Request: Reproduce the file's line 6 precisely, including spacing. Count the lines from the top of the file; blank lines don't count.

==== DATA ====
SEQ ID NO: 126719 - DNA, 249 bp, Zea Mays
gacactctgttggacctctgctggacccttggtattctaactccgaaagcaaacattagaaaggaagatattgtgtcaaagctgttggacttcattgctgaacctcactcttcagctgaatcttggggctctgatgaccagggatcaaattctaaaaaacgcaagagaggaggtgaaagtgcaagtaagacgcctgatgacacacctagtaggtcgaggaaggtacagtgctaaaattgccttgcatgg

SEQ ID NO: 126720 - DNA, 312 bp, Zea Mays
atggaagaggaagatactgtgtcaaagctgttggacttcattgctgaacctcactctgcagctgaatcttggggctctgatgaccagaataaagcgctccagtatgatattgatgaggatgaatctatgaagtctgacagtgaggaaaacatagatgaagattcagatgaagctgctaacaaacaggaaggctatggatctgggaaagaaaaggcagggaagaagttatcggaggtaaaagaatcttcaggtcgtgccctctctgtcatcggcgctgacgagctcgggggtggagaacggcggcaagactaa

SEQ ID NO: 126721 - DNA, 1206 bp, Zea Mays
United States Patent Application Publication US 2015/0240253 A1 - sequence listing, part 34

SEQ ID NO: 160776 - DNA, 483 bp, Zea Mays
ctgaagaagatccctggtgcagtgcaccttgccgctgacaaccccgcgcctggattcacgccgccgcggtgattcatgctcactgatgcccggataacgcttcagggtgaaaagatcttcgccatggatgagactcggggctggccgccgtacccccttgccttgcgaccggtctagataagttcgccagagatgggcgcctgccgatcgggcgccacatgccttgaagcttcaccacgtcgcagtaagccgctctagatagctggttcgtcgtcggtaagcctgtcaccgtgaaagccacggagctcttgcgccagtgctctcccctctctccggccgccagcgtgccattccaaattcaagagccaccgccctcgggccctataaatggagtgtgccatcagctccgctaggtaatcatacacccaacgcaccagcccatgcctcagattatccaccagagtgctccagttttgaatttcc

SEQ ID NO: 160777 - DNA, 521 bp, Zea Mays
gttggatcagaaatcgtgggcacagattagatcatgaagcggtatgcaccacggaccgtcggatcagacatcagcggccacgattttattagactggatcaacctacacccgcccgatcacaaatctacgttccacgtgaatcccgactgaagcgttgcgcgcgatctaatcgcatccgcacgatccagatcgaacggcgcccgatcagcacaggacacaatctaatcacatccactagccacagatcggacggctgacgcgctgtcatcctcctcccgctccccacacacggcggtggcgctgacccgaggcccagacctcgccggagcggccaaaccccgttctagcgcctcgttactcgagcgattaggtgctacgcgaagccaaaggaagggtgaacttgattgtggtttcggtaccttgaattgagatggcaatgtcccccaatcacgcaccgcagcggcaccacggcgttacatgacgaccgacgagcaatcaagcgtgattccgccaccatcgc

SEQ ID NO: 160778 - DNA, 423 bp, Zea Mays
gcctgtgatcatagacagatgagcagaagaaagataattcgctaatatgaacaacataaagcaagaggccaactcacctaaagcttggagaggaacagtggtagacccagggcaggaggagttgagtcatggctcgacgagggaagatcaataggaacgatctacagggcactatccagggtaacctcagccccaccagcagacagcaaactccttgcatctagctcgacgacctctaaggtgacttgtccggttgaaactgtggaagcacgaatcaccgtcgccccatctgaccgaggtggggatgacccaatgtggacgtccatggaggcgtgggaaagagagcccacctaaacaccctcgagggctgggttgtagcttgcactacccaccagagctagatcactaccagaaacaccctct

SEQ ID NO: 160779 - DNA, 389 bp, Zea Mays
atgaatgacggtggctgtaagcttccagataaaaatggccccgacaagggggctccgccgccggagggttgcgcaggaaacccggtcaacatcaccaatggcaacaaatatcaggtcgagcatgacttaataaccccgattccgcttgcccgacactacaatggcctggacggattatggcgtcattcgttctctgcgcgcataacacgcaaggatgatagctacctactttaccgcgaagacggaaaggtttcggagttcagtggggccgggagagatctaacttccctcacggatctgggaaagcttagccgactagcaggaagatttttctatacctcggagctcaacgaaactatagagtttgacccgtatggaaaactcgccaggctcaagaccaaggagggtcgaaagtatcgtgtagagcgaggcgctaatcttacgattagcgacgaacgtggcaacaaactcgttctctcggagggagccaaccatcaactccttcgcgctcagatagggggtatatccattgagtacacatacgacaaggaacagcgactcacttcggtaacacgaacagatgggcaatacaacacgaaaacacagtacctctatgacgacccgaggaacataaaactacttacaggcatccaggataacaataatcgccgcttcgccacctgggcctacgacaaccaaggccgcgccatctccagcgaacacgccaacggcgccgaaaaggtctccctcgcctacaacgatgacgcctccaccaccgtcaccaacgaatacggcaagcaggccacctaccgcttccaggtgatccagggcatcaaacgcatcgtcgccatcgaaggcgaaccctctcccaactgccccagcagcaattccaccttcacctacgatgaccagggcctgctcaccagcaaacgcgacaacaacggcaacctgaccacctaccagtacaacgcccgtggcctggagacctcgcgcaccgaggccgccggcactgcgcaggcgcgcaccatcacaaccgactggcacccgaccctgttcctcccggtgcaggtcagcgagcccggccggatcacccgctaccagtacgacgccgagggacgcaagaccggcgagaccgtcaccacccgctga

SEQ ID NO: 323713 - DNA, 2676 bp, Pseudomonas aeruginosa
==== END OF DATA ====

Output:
United States Patent Application Publication US 2015/0240253 A1 - sequence listing, part 34